Investors have been waiting for months for a USD rally. Expectations have kept building up as investors expected that the combination of tighter monetary policy, sustained gains in the jobs market and a tax reform would trigger a dollar rally. Unfortunately, it didn’t unfold as expected.
Despite the fact that Trump’s tax bill passed the House of Representative quite easily, it is far from a done deal, as the bill still has through the Senate next week. There is little doubt the outcome will be very close. The recent broad dollar weakness suggests that investors remain sceptical it go through easily.
In addition, the latest economic data came on the soft side. October durable goods orders (released on Wednesday) missed expectations. The headline gauge contracted 1.2%m/m compared to +0.3% median forecast. When excluding transportation, the gauge rose 0.4%m/m (0.5% expected); however, previous month’s reading was upwardly revised to 1.1%. A week earlier, October’s retail sales painted a mixed picture as the effects of the Hurricanes’ season is still distorting the data.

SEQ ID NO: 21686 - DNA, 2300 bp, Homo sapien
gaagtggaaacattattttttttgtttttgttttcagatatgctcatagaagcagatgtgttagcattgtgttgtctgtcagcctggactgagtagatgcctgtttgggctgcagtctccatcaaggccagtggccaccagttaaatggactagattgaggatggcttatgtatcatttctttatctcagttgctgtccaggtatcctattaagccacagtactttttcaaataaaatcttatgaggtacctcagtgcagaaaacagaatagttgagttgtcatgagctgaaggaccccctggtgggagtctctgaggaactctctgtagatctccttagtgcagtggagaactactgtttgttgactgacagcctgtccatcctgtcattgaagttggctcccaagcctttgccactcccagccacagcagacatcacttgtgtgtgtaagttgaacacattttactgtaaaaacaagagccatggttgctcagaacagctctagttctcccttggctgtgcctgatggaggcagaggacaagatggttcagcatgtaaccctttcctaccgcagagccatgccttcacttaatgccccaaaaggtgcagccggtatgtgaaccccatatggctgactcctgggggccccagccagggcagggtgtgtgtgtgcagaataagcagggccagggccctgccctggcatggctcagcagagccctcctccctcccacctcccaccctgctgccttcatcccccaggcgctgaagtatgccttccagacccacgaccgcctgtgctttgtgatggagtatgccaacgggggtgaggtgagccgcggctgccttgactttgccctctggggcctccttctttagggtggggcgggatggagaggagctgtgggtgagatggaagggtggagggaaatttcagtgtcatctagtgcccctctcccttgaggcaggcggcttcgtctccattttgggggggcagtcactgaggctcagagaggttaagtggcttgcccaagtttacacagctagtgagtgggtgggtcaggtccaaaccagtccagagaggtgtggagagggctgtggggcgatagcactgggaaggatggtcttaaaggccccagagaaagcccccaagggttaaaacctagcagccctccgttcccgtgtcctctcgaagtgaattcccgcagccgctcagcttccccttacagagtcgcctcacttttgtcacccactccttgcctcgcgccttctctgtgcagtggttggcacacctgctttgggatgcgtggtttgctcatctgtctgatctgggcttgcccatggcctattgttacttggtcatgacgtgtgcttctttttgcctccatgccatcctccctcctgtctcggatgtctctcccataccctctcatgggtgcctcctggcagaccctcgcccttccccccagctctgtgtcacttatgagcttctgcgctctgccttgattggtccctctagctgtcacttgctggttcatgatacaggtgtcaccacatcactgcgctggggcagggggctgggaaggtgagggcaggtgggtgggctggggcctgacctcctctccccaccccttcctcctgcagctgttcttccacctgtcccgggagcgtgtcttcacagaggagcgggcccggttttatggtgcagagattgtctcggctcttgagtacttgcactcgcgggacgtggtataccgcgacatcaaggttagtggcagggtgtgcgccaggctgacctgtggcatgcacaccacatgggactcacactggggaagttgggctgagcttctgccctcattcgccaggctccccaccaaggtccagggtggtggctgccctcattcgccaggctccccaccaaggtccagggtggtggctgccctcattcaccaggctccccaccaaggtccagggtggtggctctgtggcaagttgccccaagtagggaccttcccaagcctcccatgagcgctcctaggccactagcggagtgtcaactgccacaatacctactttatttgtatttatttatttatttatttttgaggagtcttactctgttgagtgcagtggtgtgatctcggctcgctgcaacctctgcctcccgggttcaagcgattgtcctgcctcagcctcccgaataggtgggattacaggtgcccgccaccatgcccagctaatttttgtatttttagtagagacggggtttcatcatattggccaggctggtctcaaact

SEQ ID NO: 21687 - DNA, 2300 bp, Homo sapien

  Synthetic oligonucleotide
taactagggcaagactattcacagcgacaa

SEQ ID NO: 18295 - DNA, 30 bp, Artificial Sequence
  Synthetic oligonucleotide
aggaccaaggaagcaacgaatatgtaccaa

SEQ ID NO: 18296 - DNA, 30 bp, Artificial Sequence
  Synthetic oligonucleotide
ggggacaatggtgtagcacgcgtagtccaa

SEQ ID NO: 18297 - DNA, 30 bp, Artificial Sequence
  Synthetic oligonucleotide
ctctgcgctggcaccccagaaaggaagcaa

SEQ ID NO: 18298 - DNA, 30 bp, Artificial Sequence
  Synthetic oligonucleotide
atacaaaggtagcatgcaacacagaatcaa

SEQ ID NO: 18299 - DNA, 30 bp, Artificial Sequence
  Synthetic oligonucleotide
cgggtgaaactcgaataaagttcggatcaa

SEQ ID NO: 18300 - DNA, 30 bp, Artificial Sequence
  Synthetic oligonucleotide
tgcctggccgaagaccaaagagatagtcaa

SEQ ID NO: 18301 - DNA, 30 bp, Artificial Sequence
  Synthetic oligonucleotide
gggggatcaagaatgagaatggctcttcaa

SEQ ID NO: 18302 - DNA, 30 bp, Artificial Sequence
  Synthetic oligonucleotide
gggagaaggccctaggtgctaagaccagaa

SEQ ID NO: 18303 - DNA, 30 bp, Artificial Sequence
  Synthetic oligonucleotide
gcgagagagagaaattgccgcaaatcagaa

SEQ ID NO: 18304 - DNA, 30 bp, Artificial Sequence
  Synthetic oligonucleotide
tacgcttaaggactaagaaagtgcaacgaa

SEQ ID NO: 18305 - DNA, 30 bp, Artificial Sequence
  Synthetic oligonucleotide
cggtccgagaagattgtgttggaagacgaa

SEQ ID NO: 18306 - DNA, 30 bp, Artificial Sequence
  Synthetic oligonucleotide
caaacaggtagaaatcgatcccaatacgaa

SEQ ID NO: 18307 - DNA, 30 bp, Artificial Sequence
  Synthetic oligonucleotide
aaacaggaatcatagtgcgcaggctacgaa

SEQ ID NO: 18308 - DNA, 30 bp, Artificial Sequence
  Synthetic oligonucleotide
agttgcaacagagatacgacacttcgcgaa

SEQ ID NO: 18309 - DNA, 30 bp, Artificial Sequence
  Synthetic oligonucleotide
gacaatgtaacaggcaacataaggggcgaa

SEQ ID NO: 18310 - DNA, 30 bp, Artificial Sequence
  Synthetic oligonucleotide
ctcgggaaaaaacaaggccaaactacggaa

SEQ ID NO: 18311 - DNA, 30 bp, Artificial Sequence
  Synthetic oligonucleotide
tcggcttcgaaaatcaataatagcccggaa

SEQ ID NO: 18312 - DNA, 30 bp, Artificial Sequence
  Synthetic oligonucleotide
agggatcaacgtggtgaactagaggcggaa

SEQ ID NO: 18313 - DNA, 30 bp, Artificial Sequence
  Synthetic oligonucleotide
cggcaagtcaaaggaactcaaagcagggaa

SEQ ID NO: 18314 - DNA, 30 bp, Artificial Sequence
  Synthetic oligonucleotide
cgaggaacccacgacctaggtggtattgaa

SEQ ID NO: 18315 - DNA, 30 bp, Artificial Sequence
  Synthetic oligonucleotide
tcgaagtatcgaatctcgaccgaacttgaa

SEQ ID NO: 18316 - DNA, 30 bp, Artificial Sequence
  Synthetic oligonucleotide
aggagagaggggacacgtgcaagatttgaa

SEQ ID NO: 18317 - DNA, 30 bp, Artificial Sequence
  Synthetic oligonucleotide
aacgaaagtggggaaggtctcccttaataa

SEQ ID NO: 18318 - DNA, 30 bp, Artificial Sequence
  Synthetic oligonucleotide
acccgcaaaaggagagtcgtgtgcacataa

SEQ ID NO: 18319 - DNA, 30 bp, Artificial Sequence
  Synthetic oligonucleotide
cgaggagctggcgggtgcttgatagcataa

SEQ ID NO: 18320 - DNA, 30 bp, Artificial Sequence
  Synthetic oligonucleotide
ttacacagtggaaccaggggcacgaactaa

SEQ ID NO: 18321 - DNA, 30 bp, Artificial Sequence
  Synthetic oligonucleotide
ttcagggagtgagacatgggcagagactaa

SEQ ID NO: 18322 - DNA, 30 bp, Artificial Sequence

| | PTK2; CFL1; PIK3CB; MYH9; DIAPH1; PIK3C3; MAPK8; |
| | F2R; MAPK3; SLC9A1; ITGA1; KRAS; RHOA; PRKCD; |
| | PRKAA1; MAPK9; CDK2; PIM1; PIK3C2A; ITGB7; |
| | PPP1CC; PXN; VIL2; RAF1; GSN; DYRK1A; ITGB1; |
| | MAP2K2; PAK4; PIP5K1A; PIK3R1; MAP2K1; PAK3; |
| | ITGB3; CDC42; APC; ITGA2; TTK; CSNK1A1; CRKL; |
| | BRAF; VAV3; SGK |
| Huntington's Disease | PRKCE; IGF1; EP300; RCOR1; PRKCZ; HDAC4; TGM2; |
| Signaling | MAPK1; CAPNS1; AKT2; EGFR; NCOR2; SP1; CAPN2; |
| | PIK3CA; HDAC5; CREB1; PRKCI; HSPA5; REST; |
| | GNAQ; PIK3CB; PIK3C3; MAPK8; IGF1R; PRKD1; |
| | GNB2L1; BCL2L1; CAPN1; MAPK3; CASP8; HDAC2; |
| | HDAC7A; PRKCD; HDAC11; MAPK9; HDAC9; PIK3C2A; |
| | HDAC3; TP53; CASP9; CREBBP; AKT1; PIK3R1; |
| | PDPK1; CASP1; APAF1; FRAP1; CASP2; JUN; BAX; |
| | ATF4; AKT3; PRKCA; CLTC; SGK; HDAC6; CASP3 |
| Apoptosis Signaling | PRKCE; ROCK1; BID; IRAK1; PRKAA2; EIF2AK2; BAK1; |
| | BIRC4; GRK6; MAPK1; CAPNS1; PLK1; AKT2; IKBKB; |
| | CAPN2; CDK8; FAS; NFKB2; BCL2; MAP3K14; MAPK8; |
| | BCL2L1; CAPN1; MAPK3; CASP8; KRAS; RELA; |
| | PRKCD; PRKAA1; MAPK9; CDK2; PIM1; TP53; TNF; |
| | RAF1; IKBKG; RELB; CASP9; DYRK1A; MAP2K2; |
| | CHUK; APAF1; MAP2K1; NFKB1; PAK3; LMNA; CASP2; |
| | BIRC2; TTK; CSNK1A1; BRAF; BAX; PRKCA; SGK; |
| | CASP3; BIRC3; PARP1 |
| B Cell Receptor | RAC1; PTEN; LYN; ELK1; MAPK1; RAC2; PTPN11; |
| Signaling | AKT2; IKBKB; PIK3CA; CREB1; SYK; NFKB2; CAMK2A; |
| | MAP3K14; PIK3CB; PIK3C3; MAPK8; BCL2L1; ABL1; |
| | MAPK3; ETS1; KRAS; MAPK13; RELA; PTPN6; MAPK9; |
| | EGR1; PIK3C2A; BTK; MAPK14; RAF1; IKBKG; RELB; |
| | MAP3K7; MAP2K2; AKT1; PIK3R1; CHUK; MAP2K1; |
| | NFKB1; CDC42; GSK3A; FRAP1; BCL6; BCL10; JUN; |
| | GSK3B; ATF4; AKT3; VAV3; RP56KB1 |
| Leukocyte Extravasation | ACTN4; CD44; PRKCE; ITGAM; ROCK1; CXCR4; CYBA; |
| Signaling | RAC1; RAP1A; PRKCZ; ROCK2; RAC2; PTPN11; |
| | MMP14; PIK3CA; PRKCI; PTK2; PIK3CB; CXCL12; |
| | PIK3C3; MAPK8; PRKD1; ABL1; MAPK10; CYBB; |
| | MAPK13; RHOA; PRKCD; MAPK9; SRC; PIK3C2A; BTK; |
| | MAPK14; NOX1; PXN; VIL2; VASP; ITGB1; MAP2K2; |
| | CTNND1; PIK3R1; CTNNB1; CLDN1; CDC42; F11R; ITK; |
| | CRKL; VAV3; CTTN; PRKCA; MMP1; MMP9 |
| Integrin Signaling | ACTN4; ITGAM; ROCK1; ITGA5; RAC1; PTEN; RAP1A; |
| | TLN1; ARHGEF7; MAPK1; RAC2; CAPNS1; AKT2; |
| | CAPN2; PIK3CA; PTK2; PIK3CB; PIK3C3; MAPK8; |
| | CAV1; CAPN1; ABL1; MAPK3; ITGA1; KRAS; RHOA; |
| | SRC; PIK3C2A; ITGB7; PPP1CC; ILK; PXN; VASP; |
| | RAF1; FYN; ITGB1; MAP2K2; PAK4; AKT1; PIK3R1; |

Finally, Fed members took their distance and have systematically avoided flooding the media with hawkish/dovish statements about the monetary policy outlook. The Fed has already started to reduce its giant balance sheet in October. However, it didn’t have much effect on the long-end of the yield curve. The central bank should also increase borrowing costs in December, which would bring the target band to 1.25%-1.50%.
On Friday, the greenback kept on grinding lower as market participants reacted to positive news from the euro zone and thin trading conditions due to Thanksgiving Holidays in the US. On the long-term, we believe that rising interest rates in the US will help to maintain buying in the dollar, especially against high commodity currencies such as the Aussie and the Kiwi. However, one should remain cautious regarding EUR/USD as the European economic conditions are finally improving. It wouldn’t be surprising to see a further euro gains in the next few months.
By Arnaud Masset